About the Book
Patanijali’s Yoga Sutro (second century CE) is the basic text of one of the nine canonical schools of Indian philosophy. In it the legendary author lays down the blueprint for success in yoga, now practised the world over. Patanjali draws upon many ideas of his time, and the result is a unique work of Indian moral philosophy that has been
the foundational text for the practice of yoga since.
The Yoga Sutra sets out a sophisticated theory of moral psychology and perhaps the oldest theory of psychoanalysis. For Patanjali, present mental maladies are a function of subconscious tendencies formed in reaction to past experiences. He argues that people are not powerless against such forces and that they can radically alter their lives through yoga-a process of moral transformation and perfection, which brings the body and mind of a person in line with their true nature.
Accompanying this illuminating translation is an extended introduction that explains the challenges of accurately translating Indian philosophical texts, locates the historical antecedents of Patanjali’s text and situates Patanjali’s philosophy within the history of scholastic Indian philosophy.
About the Author
Shyam Ranganathan has an M.A. in South Asian Studies and an MA in philosophy from the University of Toronto, and wrote a Ph.D dissertation at York University in analytic philosophy on the topic of translating philosophical texts across languages. His areas of research include Indian philosophy, theoretical ethics and the philosophy of language. He is the author of Ethics and the History of Indian Philosophy.
The Yoga Sutra is one of the major, classical works of Indian philosophy codified sometime around the second or third century CE. Little is known about its author, Patanjali, or even if there is an author by that name. We can only assume that there was indeed a sage-philosopher named ‘Patanjali’ who authored the text attributed to him. The Yoga Sutra is certainly not the first text in the history of Indian philosophy to speak of yoga. The idea of yoga can be found in texts as early as the Vedas; and meditation, an integral part of yoga, was practised by the Buddha and the Fordmakers of the Jain tradition. The Bhagavad Gita too displays a great interest in the topic of yoga, as do many less popular works from the history of Indian thought. But the Yoga Sutra stands out among all such texts in being explicitly about the topic of yoga and in attempting to provide a formal, systematic and philosophical elaboration of the practice. It was to become the classic work on yoga in the Indian philosophical tradition, inspiring later philosophers from contrary schools, such as Jainism and Advaita Vedanta, to incorporate many of the features of yoga as Patanjali conceived it.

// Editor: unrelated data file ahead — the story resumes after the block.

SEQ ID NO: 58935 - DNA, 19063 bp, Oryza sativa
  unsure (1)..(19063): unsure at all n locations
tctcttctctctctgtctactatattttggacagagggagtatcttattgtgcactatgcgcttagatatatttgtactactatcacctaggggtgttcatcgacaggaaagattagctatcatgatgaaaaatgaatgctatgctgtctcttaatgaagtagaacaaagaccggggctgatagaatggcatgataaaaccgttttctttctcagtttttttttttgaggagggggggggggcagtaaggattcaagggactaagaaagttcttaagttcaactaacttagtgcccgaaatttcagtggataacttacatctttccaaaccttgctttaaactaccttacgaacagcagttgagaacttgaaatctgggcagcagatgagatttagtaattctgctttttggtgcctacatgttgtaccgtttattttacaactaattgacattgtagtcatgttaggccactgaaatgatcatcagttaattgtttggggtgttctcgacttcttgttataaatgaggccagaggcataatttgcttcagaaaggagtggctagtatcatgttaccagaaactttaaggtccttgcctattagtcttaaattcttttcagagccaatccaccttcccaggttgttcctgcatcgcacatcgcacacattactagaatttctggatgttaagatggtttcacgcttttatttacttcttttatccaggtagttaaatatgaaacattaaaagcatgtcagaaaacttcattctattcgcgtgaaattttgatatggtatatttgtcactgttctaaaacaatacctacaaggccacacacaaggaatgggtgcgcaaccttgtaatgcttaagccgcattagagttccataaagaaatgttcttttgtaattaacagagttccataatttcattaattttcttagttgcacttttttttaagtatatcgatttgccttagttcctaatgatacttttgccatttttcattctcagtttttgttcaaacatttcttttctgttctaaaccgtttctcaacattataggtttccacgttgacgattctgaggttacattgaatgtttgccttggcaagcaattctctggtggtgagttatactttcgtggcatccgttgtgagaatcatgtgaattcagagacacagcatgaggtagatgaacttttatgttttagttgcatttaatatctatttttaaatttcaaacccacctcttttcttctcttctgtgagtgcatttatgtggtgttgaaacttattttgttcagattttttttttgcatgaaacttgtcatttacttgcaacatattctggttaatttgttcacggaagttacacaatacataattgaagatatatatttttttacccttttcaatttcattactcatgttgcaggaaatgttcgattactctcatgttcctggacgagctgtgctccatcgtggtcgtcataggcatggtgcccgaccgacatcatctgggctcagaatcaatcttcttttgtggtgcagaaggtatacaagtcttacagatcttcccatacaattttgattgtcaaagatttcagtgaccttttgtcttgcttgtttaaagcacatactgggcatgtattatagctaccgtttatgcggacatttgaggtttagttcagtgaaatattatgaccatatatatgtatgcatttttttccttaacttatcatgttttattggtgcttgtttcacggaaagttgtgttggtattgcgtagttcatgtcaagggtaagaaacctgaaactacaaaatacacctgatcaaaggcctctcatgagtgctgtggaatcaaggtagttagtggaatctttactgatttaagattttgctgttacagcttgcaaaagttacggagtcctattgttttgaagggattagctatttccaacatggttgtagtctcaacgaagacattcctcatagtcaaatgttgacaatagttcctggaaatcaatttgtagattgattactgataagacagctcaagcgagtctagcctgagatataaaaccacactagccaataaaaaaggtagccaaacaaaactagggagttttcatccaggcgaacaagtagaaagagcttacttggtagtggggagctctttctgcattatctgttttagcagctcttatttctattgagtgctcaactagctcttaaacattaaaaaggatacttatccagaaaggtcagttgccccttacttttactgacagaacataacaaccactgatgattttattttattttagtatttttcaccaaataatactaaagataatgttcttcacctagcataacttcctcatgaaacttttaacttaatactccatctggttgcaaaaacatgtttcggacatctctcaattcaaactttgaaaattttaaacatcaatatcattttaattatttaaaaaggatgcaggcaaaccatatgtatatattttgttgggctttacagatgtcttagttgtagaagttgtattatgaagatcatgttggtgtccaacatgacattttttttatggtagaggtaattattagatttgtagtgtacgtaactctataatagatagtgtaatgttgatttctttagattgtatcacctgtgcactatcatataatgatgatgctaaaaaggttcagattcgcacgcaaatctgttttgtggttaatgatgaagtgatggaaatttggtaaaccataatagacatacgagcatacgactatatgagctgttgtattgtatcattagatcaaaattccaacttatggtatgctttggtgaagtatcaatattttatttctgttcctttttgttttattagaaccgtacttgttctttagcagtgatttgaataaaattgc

Of the classical texts of formal Indian philosophy, it is no doubt the most commonly translated and widely read In the English-speaking world. The recent, global popularity of yoga, as a practice of posture flows (misleadingly called ‘asana’, and sometimes also ‘hatha yoga’), is to be credited with the ubiquitous interest in the text. While the concept of YOGA is important to the Indian philosophical tradition on the whole, and shows up in formal philosophies of many of India’s traditions, the Yoga Sutra is the most definitive account of yoga. In light of the importance and popularity of the Yoga Sutra, and the wealth of translations of this text, one is compelled to ask the question: Is another translation really necessary? I came to believe in the necessity of a new translation when I first started teaching the’ Yoga Sutra to students in short workshops. I was faced with the challenge of finding a translation that I could make do with, and I could find none. In my research in South Asian Studies and philosophy, I had found that historians of Indian thought had systematically failed to properly translate the moral philosophical content of Indian philosophy into contemporary languages. I was deep into my doctoral research in philosophy, working on a dissertation on the problem of translating value talk and philosophy across languages and cultures. Given this background, and the convictions that I had arrived at through my research, I found that the available translations of the Yoga Sutra suffered from two drawbacks. One problem is common to most translations of Indian philosophy into western languages. The second problem is more particular to translations of the Yoga Sutra. The common problem with translations of Indian philosophy is that they fail to retain the moral philosophical significance of the Indian philosophical tradition. The problem with translations of the Yoga Sutra in particular is that they often read into the writing of Patanjali contrary systems of philosophy from the history of Indian thought, thus blurring the distinction between Yoga and other schools.
Part I: Why a New Translation?
Common problems with translations of Indian Philosophy: Failure to recognize the invariant, moral significance of ‘dharma’
Problems with translations of Patanjali’s Yoga Sutra
A new translation
Translation theory and translating a siara
Part II: Historical Roots of the Yoga Siara
Patanali’s non-Yoga historical sources :Sankhya, Vedas, Jainism and Buddhism
Part III: Further Comparison of Sankhya, Yoga and Jainism
Sankhya and Yoga: Similarities
Sankhya vs Yoga: Differences
Jainism: How far does the overlap extend?
Part IV: The Originality of Patanjali
Patanjali’s Yoga Sutra
Bhakti Yoga (16)
Hatha Yoga (71)
Karma Yoga (30)
Kriya Yoga (64)
Kundalini Yoga (46)
Yoga For Children (12)
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